Hoe and Worthing Archive: Interesting Stuff


Bury & Norwich Post    Advertisement from the Bury &
    Norwich Post
, 29 June 1814 the
of a guinea would then have
    been equivalent to about three week's
    wages for a farm labourer.

quoits match

July and August 1900 results of quoits matches between Hoe and the London Tavern, Baxter Row, Dereham. Hoe won both.

tanker fire

A petrol tanker fire in 1929. It appears to be on the main road at Brick Kiln farm.

600 houses report
    An ambitious scheme from November 1944
    which would have seen a suburb of Dereham
    built in the countryside at Hoe.

Evans Lombe

The Diamond Wedding of Mr and Mrs E H Evans-Lombe in 1946. The Evans-Lombes still hold the Manor of Hoe today;
Sir Edward
is the current Lord.

Home Guard

Home Guard

This photo, given by Maurice Eglen, shows (from the left) his father, Albert, with Lennie Butters, Joe Banthorpe, and Sgt. Riches. Maurice thinks there were then ten men in the Hoe Home Guard. Alec Anderson was the despatch rider.

On the reverse: 'Farewell to our rifles! Nov 26 1944
                          Wishing you all a Happy New Year
                          V I Wood

Home Guard

The Home Guard photographed at Hoe Hall. Most men have been identified (back row, from left) Lennie Butters, Edward Butters, Bertie Holiday, C. Anderson, Jack Jarrett, R. Burton, [?]. (Middle row) Cecil Annis, Charlie Holmes. Sgt. Riches, Richard Fisher, [?], Dick Sparkes. (Front row) Fisher, Snowdon. The Home Guard practiced in the maze of trenches still visible on Hoe Common.

football report    Hoe's footballers didn't have much
    luck in 1953.

Bad weather

Revd Armstrong's diary for January 1st 1854 reads 'Drove to take the service at Hoe in a sleigh, the snow being too deep for wheels. Had some difficulty in getting through a drift where the horse was above his knees in snow. There were nineteen communicants, and I can hardly tell how they got through the snow to church.'

In November 1878 he wrote, 'We have had a week of incessant rain, day and night. In Hoe a railway bridge has been carried away.'


Press photos of blizzards in March 1958 and January 1959.

The text reads: 'A week after the blizzard, some minor roads in Mid-Norfolk were still impassable, with over a foot of snow covering them from hedge to hedge. Two of the roads into Hoe, for example, were still blocked on Tuesday even though three days of warm spring sunshine had caused an extensive thaw.'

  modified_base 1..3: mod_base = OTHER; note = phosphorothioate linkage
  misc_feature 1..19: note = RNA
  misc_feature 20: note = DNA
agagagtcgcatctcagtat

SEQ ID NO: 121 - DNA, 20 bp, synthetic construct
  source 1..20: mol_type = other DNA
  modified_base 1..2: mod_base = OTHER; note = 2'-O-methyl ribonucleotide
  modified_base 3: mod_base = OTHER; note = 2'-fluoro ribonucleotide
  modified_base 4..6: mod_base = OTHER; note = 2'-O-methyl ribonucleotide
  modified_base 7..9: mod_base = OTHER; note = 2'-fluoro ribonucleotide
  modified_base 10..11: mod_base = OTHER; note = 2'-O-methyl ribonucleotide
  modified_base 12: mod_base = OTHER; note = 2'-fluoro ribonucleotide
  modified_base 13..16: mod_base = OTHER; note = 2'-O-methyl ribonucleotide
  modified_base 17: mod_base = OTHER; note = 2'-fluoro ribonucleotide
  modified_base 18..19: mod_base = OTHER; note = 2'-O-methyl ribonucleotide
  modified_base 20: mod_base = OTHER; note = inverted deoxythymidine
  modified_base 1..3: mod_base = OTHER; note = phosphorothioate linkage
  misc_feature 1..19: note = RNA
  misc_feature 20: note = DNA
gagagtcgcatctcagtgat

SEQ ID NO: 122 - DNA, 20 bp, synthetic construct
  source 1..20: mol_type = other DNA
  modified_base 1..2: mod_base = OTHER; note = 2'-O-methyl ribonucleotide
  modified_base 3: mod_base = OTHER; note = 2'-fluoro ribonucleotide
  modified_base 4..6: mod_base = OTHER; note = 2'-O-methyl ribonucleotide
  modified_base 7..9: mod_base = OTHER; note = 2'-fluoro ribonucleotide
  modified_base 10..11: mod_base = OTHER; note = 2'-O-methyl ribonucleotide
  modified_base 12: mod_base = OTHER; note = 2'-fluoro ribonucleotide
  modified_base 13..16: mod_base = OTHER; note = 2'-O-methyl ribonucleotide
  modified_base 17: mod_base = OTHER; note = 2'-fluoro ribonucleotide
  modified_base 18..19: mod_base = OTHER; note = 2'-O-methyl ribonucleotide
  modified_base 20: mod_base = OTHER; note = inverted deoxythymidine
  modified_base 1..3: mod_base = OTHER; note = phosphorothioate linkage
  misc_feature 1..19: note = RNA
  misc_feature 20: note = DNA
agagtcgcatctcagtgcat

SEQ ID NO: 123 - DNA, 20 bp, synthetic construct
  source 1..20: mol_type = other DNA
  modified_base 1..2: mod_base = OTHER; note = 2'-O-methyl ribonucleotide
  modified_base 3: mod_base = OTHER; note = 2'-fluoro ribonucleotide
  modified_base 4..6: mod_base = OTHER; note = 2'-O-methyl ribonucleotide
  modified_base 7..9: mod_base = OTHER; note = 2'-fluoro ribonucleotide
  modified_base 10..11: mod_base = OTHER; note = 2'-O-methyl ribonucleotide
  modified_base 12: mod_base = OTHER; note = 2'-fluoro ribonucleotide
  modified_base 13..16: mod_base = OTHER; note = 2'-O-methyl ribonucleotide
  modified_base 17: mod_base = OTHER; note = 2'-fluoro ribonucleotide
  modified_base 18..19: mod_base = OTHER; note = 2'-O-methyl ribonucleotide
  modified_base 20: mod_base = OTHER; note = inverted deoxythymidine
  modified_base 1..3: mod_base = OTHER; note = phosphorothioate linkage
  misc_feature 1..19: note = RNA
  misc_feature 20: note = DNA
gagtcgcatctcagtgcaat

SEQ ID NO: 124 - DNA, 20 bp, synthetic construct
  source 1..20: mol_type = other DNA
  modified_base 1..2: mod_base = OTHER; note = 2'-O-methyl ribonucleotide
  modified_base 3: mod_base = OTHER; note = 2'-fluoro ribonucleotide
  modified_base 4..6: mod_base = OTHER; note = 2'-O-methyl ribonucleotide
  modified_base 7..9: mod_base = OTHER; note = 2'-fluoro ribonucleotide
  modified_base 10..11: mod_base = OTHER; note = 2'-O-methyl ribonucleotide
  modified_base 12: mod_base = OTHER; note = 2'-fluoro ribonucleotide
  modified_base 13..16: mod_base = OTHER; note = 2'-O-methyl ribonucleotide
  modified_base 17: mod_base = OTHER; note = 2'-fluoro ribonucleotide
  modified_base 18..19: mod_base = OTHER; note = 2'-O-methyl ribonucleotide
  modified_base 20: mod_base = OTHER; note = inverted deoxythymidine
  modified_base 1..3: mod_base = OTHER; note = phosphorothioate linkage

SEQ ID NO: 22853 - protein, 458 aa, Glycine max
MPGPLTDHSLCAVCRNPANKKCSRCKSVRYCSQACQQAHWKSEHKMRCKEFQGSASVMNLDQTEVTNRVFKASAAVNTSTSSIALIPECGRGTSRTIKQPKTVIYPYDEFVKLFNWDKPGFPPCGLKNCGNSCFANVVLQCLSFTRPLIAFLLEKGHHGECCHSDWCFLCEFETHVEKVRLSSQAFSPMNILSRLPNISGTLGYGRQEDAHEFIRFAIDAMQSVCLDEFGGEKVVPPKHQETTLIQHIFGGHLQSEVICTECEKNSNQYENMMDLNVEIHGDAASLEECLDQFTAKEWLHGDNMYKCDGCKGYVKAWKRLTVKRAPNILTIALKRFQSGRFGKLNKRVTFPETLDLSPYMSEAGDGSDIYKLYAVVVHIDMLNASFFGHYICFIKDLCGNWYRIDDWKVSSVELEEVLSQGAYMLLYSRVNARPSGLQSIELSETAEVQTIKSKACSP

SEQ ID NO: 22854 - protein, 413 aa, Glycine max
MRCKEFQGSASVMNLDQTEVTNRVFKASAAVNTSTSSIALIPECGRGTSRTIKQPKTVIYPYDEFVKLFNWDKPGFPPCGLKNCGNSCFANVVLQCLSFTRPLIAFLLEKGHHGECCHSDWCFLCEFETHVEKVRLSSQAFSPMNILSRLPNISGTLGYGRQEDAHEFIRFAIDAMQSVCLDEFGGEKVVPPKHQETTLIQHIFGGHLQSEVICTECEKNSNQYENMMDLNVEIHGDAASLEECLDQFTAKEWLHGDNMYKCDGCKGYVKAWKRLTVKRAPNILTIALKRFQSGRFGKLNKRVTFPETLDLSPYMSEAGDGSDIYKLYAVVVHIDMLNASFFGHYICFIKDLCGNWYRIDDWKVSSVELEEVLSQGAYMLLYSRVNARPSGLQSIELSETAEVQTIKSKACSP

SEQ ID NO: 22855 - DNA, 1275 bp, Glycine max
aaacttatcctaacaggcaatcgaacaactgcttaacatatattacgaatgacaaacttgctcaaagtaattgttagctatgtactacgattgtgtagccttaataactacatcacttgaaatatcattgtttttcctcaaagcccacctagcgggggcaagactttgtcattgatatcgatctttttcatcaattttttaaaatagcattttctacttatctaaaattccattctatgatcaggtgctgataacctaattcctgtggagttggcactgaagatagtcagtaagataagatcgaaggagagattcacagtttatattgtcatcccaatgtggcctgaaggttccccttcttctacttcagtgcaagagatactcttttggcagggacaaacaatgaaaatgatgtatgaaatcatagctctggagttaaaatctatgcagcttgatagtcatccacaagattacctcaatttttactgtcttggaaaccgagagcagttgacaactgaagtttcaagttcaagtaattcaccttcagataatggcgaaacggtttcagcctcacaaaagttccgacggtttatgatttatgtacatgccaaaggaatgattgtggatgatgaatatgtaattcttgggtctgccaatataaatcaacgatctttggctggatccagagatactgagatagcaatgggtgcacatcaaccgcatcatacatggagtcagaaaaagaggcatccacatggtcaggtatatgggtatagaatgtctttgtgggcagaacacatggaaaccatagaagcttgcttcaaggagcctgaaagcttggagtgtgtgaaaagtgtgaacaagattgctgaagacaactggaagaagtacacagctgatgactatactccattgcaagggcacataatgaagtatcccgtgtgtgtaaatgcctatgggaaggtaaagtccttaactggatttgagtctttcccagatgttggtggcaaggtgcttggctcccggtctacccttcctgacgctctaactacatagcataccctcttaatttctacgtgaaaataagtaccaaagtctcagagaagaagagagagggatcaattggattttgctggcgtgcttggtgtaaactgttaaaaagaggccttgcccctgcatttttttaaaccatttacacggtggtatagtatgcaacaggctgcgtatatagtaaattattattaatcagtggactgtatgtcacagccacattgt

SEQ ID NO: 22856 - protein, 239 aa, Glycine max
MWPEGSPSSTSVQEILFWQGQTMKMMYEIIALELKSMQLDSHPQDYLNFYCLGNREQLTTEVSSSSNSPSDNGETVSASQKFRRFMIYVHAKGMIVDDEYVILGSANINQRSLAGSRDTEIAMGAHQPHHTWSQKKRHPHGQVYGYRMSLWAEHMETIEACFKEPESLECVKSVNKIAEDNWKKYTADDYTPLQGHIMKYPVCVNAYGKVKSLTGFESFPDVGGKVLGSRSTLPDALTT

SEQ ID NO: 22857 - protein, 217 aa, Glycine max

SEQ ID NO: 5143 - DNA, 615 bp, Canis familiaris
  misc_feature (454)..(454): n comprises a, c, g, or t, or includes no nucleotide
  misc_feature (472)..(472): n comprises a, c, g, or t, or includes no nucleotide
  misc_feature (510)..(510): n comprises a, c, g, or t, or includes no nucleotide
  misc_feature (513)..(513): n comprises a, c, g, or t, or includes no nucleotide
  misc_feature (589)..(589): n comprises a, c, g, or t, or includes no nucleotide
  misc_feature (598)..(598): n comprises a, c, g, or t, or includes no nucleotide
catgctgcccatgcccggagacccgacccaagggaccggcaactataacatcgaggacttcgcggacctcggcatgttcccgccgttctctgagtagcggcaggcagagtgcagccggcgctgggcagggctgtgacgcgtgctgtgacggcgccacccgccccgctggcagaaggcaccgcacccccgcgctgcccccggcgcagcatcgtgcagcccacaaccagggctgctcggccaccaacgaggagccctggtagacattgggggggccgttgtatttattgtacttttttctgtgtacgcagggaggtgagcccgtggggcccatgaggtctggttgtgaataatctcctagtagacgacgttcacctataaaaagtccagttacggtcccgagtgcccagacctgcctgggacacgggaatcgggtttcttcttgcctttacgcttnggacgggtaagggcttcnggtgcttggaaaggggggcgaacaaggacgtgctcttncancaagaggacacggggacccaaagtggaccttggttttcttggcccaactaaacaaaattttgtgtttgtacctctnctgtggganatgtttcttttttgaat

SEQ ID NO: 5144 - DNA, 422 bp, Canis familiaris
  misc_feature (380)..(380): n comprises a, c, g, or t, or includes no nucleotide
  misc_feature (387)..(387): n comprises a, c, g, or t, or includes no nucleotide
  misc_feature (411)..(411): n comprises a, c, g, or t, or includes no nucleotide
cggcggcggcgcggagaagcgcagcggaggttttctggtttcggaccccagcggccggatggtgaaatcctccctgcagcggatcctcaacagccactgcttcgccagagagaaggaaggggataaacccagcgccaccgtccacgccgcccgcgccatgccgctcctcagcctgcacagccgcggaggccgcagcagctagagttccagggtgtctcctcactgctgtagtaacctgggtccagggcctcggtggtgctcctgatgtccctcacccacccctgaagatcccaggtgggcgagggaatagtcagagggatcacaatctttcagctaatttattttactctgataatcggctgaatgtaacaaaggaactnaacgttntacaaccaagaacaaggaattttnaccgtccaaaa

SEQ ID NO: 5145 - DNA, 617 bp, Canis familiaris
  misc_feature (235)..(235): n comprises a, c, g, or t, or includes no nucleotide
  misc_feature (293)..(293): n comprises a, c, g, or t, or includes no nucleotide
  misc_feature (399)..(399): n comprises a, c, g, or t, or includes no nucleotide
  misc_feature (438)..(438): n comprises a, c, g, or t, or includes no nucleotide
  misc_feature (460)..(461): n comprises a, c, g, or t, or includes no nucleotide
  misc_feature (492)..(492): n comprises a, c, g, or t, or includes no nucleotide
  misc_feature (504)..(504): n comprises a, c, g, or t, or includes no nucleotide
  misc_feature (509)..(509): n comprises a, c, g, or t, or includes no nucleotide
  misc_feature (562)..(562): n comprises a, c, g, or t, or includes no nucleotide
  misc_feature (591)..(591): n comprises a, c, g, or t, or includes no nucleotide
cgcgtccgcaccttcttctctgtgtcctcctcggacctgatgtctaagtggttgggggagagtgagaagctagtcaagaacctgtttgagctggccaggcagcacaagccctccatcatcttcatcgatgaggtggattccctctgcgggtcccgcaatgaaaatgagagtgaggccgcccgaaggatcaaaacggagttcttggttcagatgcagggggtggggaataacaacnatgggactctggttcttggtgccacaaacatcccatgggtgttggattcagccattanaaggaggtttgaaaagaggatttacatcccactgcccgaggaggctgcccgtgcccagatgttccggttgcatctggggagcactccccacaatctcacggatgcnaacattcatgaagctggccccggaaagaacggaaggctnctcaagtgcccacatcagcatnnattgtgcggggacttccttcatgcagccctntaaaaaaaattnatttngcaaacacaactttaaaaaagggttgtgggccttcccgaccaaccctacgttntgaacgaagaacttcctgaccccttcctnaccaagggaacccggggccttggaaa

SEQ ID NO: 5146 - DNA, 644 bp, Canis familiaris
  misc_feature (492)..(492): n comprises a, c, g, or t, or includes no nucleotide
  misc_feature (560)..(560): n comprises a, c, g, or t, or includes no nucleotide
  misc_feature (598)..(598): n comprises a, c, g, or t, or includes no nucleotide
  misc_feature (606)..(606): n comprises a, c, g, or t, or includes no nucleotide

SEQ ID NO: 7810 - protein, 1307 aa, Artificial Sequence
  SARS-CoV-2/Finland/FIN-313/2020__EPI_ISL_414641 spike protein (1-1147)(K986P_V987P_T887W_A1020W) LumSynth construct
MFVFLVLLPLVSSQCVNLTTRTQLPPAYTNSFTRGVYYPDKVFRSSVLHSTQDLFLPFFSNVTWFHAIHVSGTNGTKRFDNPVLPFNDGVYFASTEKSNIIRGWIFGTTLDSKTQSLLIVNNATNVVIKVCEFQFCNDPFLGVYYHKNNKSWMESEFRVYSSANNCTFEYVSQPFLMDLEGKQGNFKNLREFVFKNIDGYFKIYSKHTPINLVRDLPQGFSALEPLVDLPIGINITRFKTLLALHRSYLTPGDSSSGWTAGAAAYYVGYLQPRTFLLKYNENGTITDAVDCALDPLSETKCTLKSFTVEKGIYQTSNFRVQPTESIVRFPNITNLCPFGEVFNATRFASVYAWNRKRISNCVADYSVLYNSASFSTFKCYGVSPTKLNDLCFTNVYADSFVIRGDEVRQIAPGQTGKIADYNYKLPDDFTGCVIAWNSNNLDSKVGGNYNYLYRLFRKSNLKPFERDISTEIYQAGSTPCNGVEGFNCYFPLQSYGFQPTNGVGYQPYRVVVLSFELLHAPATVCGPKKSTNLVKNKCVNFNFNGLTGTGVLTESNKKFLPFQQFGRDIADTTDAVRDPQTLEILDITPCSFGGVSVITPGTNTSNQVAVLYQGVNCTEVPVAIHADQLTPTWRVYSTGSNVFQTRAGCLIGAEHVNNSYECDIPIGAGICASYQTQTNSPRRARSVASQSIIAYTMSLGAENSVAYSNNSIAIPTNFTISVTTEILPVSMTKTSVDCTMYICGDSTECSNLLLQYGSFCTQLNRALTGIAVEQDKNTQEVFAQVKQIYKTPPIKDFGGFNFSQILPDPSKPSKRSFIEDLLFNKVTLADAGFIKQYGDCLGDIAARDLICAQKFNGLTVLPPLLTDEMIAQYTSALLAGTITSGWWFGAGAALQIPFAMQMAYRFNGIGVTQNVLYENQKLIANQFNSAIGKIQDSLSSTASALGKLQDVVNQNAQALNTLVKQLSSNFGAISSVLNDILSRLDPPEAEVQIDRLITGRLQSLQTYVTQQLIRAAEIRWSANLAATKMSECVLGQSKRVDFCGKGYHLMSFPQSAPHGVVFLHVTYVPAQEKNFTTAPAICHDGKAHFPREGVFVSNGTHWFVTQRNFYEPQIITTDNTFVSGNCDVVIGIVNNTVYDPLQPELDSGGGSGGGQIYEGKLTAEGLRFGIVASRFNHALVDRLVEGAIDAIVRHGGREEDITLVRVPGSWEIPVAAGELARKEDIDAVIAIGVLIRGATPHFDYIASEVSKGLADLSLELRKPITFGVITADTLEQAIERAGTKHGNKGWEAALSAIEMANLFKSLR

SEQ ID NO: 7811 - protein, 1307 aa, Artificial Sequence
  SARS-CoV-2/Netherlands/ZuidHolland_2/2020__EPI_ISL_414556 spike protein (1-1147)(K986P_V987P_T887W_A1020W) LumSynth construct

Dereham national

Without its own school, Hoe's children attended schools in Dereham or Swanton Morley. Dereham's National School stood on the corner of Theatre Street and Cemetary Road.

Revd Armstrong records that, in May 1856, Mr Norton, of Hoe, brought fourteen children of that parish to the National School, engaged a woman to collect them every morning, became a subscriber, and paid for them all for a month. This is the more encouraging when done in the face of the sneers of the farmers who oppose education.

Mr Norton was Samuel Norton, who was the tenant farmer at Manor Farm.

Bird & Tree    Norfolk joined the RSPB's Bird and Tree
    Scheme in 1908. Swanton Morley won the
    award three times in the 1930s, E. C. Keith was
    manager of the school board and was present
    at the events.

Bird & Tree 1932

Doris Holmes (back row, sixth from left) was the daughter of Charles and Gertrude Holmes who lived at 14 Hoe. E. C. Keith stands at the right.

Bird & Tree 1934

Swanton Morley sports team

Swanton Morley School sports team, June 1939 can you name anyone?

Phantom crash

Phantom crash

phantom crash

phantom text

A USAF Phantom jet crashed in Hoe in March 1969. The field in which the plane crashed is still called Bentwaters after the aircraft's home base. Coincidentally, Philip Stroulger was one of the first to reach the scene he biked from Dereham.

ayers lane

These ash and oak trees were planted in Ayers Lane in May 1985 by local volunteers. The young trees were provided by Norfolk County Council as part of a tree planting scheme. The 2014 outbreak of Chalara fraxinea is a threat to the ashes which they may not survive.


Further up Ayers lane, under the ivy, is a World War II type 22 concrete pillbox, probably from 1940. In the nearby field there was a searchlight battery associated with Swanton Morley airfield that it may have been built to defend.
For more details of this and other WWII installations see http://www.heritage.norfolk.gov.uk/record-details?MNF14242


In March 2016 a group of air cadets from Dereham volunteered to uncover the pillbox. On a particularly bleak morning they got to work and very soon had the ivy and brambles cleared off and all the accumulated rubbish removed. A fantastic effort!



letterbox    Hoe's Victorian letterbox was built into
    the wall near the Parish Room. The
    slot was so narrow that only the
    smallest letter could be posted without
    having to be bent. In February 2016 it
    was stolen Adam Flack discovered
    the crime.

adam flack

new letter box

Eventually, in October 2016, a new box was installed, but not by the Hall. Royal Mail decided that the old site was not safe from passing traffic, there being no pavement or verge. No sign of a pavement here either, or anywhere else in the village, but this location just off Hall Road was thought quieter.

new letter box     Functional, rather than attractive!